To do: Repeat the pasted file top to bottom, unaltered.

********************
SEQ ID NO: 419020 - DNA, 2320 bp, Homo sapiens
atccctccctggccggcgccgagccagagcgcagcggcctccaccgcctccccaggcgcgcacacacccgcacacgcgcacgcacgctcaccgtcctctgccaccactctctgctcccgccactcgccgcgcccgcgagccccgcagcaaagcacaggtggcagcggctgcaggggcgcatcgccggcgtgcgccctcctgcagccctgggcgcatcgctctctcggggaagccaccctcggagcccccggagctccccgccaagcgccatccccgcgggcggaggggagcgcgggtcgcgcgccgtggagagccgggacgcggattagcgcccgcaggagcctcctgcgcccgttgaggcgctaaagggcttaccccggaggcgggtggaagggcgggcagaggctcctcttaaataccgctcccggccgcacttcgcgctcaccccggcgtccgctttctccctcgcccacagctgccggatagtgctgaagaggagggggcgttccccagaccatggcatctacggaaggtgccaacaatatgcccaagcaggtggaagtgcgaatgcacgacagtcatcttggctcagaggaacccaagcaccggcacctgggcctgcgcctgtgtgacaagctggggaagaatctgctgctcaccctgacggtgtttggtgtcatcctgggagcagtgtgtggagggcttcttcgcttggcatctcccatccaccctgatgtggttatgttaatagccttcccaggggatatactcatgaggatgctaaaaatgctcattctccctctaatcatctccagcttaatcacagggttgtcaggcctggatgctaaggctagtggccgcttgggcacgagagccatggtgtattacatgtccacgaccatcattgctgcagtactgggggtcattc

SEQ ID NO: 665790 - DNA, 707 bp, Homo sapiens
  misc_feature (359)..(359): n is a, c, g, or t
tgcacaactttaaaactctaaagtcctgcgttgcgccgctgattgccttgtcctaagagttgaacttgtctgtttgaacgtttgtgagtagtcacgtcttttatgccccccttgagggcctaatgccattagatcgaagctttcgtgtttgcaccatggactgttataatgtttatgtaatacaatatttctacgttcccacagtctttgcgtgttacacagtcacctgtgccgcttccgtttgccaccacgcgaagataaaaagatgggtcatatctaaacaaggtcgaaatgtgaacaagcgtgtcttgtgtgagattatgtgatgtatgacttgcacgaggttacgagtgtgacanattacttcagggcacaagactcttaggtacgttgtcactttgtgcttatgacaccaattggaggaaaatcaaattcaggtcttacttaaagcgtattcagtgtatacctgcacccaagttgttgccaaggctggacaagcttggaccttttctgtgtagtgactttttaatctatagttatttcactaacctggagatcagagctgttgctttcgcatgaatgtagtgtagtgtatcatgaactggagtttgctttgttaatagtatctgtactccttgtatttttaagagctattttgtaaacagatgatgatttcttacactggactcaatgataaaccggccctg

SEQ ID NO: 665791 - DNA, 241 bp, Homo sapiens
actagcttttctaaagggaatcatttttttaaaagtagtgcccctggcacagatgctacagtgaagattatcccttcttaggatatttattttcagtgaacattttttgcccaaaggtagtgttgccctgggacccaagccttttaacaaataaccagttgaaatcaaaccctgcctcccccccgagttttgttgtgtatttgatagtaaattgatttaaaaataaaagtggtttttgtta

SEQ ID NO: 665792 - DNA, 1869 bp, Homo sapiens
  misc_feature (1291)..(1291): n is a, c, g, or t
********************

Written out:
SEQ ID NO: 419020 - DNA, 2320 bp, Homo sapiens
atccctccctggccggcgccgagccagagcgcagcggcctccaccgcctccccaggcgcgcacacacccgcacacgcgcacgcacgctcaccgtcctctgccaccactctctgctcccgccactcgccgcgcccgcgagccccgcagcaaagcacaggtggcagcggctgcaggggcgcatcgccggcgtgcgccctcctgcagccctgggcgcatcgctctctcggggaagccaccctcggagcccccggagctccccgccaagcgccatccccgcgggcggaggggagcgcgggtcgcgcgccgtggagagccgggacgcggattagcgcccgcaggagcctcctgcgcccgttgaggcgctaaagggcttaccccggaggcgggtggaagggcgggcagaggctcctcttaaataccgctcccggccgcacttcgcgctcaccccggcgtccgctttctccctcgcccacagctgccggatagtgctgaagaggagggggcgttccccagaccatggcatctacggaaggtgccaacaatatgcccaagcaggtggaagtgcgaatgcacgacagtcatcttggctcagaggaacccaagcaccggcacctgggcctgcgcctgtgtgacaagctggggaagaatctgctgctcaccctgacggtgtttggtgtcatcctgggagcagtgtgtggagggcttcttcgcttggcatctcccatccaccctgatgtggttatgttaatagccttcccaggggatatactcatgaggatgctaaaaatgctcattctccctctaatcatctccagcttaatcacagggttgtcaggcctggatgctaaggctagtggccgcttgggcacgagagccatggtgtattacatgtccacgaccatcattgctgcagtactgggggtcattc

SEQ ID NO: 665790 - DNA, 707 bp, Homo sapiens
  misc_feature (359)..(359): n is a, c, g, or t
tgcacaactttaaaactctaaagtcctgcgttgcgccgctgattgccttgtcctaagagttgaacttgtctgtttgaacgtttgtgagtagtcacgtcttttatgccccccttgagggcctaatgccattagatcgaagctttcgtgtttgcaccatggactgttataatgtttatgtaatacaatatttctacgttcccacagtctttgcgtgttacacagtcacctgtgccgcttccgtttgccaccacgcgaagataaaaagatgggtcatatctaaacaaggtcgaaatgtgaacaagcgtgtcttgtgtgagattatgtgatgtatgacttgcacgaggttacgagtgtgacanattacttcagggcacaagactcttaggtacgttgtcactttgtgcttatgacaccaattggaggaaaatcaaattcaggtcttacttaaagcgtattcagtgtatacctgcacccaagttgttgccaaggctggacaagcttggaccttttctgtgtagtgactttttaatctatagttatttcactaacctggagatcagagctgttgctttcgcatgaatgtagtgtagtgtatcatgaactggagtttgctttgttaatagtatctgtactccttgtatttttaagagctattttgtaaacagatgatgatttcttacactggactcaatgataaaccggccctg

SEQ ID NO: 665791 - DNA, 241 bp, Homo sapiens
actagcttttctaaagggaatcatttttttaaaagtagtgcccctggcacagatgctacagtgaagattatcccttcttaggatatttattttcagtgaacattttttgcccaaaggtagtgttgccctgggacccaagccttttaacaaataaccagttgaaatcaaaccctgcctcccccccgagttttgttgtgtatttgatagtaaattgatttaaaaataaaagtggtttttgtta

SEQ ID NO: 665792 - DNA, 1869 bp, Homo sapiens
  misc_feature (1291)..(1291): n is a, c, g, or t